Johnson line steamer Noranmore has
arrived here from Liverpool after one
one of the most tempestuous passages
on record. Captain Richardson, her
commander, reported having seen-an
unknown bark founder at sea with her
crew of 12 men.
The hurricane which swept the coast
last Saturday strnck the Noranmore at
tea at night. The waves rolled over
her almost continuously and Would,
Captain Richardson says, have swamped
an ordinary ship. Soon after the storm
arose the Noranmore overhauled a
Strange bark which was
On the Point of Foundering",
Several lights were burning aboard her
and 12 men, believed from their ges
tures to be foreigners, were seen run
ning about her decks, which were
awash. A boat's crew in one of the
Noranm ore's boats was put oyer tne
side and the men pulled for the bark.
The boat was swamped almost imme
diately. The men, who wore life jack
ets, were picked up by a second boat,
which was, however, compelled to re
turn to the Noranmore. While the
rescue of these men was being effected
the bark disappeared in the darkness
and Captain Richardson says that be
yond a doubt she and her crew went
down. Search made after day broke
revealed no sign of her.
MORE B08TON FAILURE.
Brokerage Firm of Edward
Hodges 4k Co. Goes to the Wall.
BOSTON, Dec. 2d. Edward C. Hodges
& Co., bankers and brokers of 53 State
street, have suspended business. The
grm is one of the largest in the city.
Its dealings have been principally in
The firm is a member of the Boston
and New York Stock exchanges and
Chicago board of trade.
Mr. Hodges said that the trouble waa
caused by the refusal of the Boston
banks to give the firm credit on United
States mining shares.
"We have 5,000 shaies of that stock
on hand," said Mr. Hodges, "and when
the banks refused to accept it as col
lateral,, there was- no course for us but
to protect our creditors."
G. C. Dickson, of the law firm of
Dickson & Knowles, has been named
ATTACK ON SUBIG.
American Garrison Surprised by Fill
pinos Under General Santa Ana.
MANILA, Dec. 28.General Santa
Ana, with a force of insurgents esti
mated at 300, attacked the garrison at
Subig. A body of marines were sent
from Olongaporo reinforce the garrison
and the Filipinos were driven back,
several being killed. There were no
casualties on the American side.
A company of the Forty-sixth volun
teer infantry, together with a contin
gent ot marines, have been sent from
Manila to reinforce the Subig' garrison
The attack was wholly unexpected,
as it had been thought that there were
no Filipino troops in the vicinity of
Subig. Extraordinary precautions will
be taken to prf vent a lecurrence of the
EMPLOYS FIVE HUNDRED.
Sioux City's New lacking House Begins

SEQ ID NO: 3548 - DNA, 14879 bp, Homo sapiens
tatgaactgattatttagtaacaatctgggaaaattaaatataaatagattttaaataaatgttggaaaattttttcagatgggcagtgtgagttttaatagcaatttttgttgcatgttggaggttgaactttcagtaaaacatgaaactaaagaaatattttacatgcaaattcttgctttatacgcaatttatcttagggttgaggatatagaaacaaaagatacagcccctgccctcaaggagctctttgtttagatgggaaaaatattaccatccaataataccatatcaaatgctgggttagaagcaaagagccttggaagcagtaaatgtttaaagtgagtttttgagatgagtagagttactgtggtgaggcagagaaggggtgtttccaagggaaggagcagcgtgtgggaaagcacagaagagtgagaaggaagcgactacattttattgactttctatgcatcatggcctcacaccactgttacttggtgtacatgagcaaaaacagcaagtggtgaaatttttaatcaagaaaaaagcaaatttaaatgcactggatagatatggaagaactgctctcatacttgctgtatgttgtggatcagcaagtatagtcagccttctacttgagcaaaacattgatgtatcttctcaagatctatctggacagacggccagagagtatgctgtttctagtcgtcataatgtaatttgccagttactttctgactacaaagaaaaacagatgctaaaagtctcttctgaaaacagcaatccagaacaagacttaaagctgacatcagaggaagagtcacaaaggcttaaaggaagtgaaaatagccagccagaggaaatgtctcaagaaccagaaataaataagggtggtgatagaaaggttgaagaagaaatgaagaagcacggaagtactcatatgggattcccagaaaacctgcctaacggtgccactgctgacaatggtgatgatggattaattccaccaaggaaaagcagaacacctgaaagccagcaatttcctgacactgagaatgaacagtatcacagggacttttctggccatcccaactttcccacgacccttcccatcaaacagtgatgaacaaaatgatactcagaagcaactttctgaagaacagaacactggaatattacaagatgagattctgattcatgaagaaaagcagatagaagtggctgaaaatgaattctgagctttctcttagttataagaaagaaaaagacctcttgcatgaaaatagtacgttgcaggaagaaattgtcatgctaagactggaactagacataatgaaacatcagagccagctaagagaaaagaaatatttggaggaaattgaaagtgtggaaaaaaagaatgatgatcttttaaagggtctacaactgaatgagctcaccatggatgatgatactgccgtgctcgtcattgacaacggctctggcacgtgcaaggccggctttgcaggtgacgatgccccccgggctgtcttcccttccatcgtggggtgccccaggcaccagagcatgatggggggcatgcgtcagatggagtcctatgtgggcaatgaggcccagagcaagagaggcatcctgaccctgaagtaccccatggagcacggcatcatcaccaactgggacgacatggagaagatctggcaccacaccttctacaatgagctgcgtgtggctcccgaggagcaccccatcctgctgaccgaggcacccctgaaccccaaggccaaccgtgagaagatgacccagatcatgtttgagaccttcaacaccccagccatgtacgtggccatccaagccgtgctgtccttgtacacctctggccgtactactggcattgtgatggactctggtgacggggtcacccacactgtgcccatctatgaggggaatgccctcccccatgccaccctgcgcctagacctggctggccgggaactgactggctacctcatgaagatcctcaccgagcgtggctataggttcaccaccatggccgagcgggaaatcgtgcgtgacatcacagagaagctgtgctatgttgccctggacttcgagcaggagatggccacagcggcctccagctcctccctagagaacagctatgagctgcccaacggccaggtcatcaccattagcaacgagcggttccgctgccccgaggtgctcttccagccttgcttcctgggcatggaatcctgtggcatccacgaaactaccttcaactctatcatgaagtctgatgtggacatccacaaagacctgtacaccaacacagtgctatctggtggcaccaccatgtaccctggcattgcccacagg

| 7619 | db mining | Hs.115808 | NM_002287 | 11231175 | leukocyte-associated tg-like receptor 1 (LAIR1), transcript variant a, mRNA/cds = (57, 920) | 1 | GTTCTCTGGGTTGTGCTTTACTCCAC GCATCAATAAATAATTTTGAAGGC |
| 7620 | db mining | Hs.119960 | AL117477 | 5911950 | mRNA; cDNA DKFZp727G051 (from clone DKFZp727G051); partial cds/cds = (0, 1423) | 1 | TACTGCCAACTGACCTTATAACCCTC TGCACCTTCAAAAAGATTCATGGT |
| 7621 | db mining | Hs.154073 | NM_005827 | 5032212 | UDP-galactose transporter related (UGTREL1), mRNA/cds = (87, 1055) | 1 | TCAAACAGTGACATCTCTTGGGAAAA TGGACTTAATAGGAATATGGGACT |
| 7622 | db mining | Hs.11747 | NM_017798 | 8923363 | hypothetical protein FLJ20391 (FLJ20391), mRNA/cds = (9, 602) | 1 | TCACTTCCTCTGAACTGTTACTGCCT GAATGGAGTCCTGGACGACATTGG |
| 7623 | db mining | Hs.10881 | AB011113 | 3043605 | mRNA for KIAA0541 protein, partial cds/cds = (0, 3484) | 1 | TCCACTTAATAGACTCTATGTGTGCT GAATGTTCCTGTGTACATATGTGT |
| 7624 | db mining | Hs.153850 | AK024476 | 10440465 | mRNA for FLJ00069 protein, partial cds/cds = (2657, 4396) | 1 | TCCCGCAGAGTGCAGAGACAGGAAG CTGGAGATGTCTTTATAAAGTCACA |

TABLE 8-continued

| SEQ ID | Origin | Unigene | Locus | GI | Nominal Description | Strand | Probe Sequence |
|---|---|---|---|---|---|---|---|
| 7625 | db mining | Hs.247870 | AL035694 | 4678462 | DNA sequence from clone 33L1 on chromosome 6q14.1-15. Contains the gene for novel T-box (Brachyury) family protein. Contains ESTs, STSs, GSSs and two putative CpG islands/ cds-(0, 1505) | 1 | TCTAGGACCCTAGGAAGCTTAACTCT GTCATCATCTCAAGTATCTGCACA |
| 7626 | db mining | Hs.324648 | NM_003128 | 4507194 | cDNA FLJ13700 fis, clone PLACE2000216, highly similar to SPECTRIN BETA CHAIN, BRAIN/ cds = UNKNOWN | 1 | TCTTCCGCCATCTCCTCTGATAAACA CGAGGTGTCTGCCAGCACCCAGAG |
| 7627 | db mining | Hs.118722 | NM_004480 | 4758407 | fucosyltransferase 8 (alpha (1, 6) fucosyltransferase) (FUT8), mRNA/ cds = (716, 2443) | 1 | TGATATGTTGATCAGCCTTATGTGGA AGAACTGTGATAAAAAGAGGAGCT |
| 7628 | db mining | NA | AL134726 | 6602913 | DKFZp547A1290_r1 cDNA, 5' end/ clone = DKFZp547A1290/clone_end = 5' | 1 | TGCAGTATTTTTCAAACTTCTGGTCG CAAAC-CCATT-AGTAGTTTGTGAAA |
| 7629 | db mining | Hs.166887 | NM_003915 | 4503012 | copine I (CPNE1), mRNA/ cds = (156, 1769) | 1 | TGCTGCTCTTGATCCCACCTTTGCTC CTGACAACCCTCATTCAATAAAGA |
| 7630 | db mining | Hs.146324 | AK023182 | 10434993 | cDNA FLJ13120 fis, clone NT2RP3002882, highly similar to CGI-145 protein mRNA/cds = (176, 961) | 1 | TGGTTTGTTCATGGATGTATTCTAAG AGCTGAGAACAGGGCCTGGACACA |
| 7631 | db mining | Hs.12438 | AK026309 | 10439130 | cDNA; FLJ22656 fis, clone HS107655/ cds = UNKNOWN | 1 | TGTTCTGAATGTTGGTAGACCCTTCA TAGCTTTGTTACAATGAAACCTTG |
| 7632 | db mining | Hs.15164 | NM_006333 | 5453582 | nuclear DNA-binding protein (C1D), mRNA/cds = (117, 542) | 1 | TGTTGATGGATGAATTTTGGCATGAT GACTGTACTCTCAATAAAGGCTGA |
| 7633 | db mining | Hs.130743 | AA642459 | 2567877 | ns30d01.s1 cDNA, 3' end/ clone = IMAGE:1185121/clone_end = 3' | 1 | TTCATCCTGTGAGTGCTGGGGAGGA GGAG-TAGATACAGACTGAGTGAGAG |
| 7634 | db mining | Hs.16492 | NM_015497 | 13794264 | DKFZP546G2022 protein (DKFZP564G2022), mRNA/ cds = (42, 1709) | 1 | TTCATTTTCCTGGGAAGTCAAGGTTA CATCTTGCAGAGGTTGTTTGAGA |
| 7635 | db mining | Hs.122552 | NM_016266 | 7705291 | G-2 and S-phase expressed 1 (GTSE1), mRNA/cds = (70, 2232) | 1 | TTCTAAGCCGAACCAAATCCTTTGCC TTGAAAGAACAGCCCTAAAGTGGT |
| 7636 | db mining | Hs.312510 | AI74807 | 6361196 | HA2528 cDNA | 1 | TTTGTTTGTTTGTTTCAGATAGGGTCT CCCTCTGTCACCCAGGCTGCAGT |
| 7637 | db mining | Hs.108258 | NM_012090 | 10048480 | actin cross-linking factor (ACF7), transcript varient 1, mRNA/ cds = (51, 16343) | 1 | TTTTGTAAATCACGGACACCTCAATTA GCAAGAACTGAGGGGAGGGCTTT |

SIOJJX CITY, la., Dec. 28.The Inter
national Packing company's Sioux City
plant commenced operations Tuesday
morning with a force of about 500 men
and at a capacity of 1,500 hogs per day.
Improvements and enlargements will
be made in the various departments
until Feb. 1, when it is expected to
have it running at its maximum capac
ity of 3,000 hogs, 500 cattle and 500
sheep per day. The force will be in
creased to about 1,500.
Chaneo of Hague Representatives.
N EW YORK, Dec. 28.G. De Weck
herhn, for many years envoy extror
dinary and minister plenipotentiary of
the Netherlands in this country will
act in the same capacity in Turkey,
and Baron Gevers, until now holding
this position at Bucharest, has been ap
pointed to fill the vacancy in the United
To Protect State Pine.
ST. PAUL, Dec. 28.The state staff of
cruisers will be doubled after the first
of the year. Auditor Dunn has decided
such action necessary in order to pro
tect state lands from trespassers. Of
late he has received reports from his
men that a keen lookout is necessary to
ward off the intruders and guard against
a heavy loss.
Placue in Severo Type.
SYDNEY, S. W Dec. 28.The
British consul at Noumea confirms the
report that the plague in a severe type
is raging and that many deaths from
that cause have occurred in Ne Cal
edonia. The governments of Austra
lia have taken stringent precautions for
quarantining arrivals from Noumea.
Several Farmers Burned Out.
EUREKA, S. D., Dec. 28.A disas
trous prairie fire passed across the conn
try east of this city Tuesday. Several
families were burned out near Leola and
Ipswich. The fire started at or near
the North Dakota line and swept south
east, passing west of Leola and through
One Hatfield* Kills Another.
MATEWAN, W. Va., Dec. 28.Wayne
Hatfield, son of Elias Hatfield, and a
nephew of "Devil" Anse Hatfield, shot
and killed George Hatfield's son of
Bear Creek. The shooting occurred in
George Brazeur's store. Wayne Hat
field escaped to the mountains.
Charged With Stealing S.OOO.
CHICAGO, Dec. 28.Clyde H. Wal